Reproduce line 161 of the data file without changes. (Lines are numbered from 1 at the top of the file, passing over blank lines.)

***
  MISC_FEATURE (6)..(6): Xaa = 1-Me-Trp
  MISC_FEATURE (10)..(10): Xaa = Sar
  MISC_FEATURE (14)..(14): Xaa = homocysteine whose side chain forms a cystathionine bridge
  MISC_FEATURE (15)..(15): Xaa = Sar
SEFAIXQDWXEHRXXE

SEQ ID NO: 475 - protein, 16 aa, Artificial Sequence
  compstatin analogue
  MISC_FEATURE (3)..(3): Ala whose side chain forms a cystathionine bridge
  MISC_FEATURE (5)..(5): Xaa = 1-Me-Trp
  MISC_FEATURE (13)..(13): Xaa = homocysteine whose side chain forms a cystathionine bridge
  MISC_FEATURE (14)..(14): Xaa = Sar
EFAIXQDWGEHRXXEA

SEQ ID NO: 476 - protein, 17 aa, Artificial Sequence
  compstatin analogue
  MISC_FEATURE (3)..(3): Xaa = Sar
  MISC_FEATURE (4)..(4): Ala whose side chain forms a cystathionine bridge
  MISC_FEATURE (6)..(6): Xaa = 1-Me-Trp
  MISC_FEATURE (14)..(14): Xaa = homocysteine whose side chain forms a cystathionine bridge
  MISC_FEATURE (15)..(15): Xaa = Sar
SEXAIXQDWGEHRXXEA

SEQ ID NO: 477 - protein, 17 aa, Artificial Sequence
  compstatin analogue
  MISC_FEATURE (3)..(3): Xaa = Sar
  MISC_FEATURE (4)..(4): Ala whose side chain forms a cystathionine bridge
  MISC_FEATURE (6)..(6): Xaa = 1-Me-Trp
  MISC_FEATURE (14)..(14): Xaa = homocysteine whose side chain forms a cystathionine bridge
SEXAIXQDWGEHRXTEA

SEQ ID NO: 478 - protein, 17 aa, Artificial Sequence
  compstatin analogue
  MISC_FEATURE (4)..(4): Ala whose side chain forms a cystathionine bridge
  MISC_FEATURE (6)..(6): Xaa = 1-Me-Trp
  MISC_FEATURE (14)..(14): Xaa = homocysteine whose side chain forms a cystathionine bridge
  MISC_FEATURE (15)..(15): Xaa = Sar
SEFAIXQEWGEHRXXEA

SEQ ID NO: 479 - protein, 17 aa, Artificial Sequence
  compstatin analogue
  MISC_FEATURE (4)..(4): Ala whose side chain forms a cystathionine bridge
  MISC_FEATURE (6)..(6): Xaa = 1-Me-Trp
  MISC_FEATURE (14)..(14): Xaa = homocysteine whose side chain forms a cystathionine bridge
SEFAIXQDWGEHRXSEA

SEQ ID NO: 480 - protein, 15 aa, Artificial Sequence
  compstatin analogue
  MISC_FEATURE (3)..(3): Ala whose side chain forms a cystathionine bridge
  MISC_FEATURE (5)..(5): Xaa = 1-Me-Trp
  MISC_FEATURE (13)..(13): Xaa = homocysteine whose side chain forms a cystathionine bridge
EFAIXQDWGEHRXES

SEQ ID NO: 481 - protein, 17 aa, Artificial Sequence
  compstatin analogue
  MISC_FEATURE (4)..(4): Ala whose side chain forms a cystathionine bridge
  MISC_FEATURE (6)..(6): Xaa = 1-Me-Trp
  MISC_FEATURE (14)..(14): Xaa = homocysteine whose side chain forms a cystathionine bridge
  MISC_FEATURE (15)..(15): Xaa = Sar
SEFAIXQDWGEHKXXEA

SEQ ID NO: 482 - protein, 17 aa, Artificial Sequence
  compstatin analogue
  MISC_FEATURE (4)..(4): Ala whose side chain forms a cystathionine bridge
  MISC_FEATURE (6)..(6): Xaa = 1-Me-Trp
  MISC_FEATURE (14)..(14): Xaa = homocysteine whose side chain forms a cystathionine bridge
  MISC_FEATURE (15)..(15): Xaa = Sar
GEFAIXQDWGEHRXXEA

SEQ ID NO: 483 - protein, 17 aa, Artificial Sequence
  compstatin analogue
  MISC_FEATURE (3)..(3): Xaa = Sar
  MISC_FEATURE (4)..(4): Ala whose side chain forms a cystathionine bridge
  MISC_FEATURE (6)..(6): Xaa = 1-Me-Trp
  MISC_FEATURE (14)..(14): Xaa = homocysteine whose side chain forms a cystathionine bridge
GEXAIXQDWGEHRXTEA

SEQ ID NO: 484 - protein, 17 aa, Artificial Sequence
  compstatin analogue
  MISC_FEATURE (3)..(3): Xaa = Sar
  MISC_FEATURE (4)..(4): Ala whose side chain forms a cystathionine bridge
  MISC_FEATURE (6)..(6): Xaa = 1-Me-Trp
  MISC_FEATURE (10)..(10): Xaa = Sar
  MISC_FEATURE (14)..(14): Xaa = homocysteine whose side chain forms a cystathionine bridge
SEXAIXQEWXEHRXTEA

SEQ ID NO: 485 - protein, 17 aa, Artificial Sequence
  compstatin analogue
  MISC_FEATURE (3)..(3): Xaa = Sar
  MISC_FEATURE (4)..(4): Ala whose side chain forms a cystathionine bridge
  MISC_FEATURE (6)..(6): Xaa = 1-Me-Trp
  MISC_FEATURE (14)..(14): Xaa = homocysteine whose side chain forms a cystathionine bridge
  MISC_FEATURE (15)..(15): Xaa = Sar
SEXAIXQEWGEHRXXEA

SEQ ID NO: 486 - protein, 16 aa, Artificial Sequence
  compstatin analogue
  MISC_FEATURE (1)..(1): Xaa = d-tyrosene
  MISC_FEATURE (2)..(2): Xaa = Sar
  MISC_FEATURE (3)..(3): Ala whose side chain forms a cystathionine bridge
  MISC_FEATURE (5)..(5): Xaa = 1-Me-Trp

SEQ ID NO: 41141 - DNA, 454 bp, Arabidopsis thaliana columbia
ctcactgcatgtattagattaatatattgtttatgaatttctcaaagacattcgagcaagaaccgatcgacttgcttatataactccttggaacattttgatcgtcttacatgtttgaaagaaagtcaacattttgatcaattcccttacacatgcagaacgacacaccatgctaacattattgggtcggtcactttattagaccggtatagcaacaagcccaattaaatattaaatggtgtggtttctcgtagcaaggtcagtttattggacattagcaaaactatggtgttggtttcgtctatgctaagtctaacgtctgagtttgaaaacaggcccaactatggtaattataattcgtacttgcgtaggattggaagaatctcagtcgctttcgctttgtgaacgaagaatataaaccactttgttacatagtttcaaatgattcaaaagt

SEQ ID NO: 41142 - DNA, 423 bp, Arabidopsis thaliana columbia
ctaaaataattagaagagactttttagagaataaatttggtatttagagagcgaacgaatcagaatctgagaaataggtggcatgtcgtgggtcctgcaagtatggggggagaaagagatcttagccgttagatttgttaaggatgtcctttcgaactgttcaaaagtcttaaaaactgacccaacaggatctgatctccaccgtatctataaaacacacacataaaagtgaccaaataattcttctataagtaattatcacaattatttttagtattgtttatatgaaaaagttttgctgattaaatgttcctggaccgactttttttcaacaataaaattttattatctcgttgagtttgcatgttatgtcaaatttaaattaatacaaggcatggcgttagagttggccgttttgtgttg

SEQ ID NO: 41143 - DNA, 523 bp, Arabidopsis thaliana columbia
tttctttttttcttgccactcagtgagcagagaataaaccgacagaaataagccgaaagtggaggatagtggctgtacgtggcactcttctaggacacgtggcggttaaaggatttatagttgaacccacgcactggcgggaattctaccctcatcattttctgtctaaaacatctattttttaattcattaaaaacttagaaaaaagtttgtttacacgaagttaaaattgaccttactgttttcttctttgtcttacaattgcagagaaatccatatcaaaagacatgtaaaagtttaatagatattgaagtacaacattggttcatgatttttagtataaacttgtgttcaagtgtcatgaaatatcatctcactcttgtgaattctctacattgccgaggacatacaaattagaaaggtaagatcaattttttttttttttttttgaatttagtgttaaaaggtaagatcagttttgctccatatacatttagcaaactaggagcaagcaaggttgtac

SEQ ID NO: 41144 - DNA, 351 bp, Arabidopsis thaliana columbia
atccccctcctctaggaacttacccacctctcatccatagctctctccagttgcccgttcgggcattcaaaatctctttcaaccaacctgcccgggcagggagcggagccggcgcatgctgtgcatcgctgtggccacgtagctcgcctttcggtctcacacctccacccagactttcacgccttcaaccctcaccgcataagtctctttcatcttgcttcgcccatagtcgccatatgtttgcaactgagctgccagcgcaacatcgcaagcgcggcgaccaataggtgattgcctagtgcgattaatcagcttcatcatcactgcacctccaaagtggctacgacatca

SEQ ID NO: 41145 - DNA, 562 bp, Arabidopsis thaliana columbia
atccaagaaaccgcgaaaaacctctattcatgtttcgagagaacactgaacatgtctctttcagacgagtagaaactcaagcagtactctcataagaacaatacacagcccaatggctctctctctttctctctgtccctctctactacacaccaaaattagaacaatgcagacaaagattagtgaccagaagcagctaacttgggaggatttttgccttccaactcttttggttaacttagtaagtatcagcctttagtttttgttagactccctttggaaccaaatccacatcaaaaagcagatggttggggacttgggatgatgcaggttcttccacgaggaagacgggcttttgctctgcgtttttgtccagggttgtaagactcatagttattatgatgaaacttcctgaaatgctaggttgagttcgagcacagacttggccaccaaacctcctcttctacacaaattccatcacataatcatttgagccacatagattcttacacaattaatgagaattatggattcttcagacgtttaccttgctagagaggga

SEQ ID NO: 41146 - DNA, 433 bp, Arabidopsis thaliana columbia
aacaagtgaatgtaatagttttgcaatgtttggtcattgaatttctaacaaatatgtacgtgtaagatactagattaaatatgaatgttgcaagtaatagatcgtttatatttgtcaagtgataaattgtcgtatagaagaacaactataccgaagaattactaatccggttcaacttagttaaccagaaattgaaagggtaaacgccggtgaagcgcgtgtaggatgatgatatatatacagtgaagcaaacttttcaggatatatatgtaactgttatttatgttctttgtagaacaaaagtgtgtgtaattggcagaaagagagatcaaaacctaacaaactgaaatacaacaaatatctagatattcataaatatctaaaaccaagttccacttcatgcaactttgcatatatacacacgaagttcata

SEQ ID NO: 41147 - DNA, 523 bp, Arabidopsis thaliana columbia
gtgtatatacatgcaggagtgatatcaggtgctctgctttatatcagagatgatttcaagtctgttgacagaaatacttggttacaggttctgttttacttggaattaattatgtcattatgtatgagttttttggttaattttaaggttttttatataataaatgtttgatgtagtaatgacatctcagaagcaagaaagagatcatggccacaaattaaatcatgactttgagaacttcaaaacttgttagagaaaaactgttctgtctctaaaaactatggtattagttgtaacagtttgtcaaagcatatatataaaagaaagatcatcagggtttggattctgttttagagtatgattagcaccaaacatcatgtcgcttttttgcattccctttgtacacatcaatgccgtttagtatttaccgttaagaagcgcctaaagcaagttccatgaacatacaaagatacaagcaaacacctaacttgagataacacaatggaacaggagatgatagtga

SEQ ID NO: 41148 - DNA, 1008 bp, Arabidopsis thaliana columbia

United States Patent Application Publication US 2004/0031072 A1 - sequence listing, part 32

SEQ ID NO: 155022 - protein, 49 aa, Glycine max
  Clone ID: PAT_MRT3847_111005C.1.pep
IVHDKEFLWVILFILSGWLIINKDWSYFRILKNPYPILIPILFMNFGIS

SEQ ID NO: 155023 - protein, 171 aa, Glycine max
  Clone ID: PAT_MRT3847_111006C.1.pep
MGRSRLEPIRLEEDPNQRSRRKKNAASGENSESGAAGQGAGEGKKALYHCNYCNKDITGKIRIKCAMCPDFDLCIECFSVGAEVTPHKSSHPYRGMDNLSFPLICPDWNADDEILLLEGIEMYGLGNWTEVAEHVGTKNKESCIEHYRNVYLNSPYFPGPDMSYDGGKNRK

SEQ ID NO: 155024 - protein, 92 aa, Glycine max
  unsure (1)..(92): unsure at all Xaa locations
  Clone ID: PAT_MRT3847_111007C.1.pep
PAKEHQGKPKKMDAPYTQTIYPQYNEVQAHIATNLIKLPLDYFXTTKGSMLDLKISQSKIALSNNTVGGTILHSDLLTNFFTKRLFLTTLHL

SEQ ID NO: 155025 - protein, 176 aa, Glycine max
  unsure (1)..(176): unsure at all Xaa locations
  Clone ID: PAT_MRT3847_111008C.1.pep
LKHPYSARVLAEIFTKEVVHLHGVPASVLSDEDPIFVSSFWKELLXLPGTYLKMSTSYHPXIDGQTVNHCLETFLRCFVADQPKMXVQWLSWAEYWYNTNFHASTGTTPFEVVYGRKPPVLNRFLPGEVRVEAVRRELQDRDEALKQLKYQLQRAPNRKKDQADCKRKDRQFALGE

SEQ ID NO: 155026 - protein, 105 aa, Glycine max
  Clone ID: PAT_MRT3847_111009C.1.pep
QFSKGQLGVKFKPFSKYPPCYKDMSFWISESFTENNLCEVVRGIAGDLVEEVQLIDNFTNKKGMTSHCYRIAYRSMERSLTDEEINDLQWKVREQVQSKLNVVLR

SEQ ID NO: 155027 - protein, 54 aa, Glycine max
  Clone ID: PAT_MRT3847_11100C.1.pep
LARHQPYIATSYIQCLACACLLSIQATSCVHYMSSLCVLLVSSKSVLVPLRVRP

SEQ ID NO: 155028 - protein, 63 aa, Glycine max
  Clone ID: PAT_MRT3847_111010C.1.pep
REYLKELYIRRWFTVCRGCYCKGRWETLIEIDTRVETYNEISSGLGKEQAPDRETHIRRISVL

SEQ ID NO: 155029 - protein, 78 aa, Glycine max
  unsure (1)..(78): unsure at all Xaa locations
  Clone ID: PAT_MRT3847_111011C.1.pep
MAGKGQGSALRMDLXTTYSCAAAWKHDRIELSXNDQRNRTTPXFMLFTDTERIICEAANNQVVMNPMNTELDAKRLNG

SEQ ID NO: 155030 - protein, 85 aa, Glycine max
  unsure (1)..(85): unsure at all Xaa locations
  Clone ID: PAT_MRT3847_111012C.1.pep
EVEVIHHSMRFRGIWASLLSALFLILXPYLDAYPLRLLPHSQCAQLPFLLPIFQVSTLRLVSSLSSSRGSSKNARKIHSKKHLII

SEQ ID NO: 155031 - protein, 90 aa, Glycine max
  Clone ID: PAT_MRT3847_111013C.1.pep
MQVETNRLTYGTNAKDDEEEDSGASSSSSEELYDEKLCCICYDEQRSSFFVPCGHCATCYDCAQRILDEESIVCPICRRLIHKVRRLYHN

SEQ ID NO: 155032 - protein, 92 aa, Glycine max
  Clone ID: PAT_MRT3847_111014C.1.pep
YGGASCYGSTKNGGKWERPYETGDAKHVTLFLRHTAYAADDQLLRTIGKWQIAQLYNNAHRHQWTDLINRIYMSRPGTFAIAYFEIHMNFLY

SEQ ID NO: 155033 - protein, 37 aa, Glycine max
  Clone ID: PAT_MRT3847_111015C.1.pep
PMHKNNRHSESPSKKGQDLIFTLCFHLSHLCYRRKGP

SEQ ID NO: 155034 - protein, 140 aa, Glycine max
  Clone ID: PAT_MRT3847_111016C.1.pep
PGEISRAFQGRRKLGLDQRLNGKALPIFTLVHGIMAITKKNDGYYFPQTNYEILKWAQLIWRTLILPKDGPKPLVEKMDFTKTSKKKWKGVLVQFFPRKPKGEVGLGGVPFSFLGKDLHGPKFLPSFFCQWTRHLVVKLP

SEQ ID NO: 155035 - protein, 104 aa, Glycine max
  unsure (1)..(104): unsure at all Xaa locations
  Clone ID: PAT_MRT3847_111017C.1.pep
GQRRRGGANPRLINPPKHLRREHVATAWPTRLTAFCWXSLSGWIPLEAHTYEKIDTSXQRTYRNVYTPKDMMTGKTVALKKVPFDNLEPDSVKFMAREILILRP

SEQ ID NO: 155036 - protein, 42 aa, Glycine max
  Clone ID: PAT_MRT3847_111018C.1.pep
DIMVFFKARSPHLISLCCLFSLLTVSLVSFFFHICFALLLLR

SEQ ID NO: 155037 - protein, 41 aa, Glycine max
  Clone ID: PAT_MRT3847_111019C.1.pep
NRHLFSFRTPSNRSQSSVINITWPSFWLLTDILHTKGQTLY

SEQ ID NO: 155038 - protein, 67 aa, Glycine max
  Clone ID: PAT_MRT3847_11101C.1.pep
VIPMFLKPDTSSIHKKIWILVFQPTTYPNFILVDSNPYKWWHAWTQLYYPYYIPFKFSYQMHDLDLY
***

VIPMFLKPDTSSIHKKIWILVFQPTTYPNFILVDSNPYKWWHAWTQLYYPYYIPFKFSYQMHDLDLY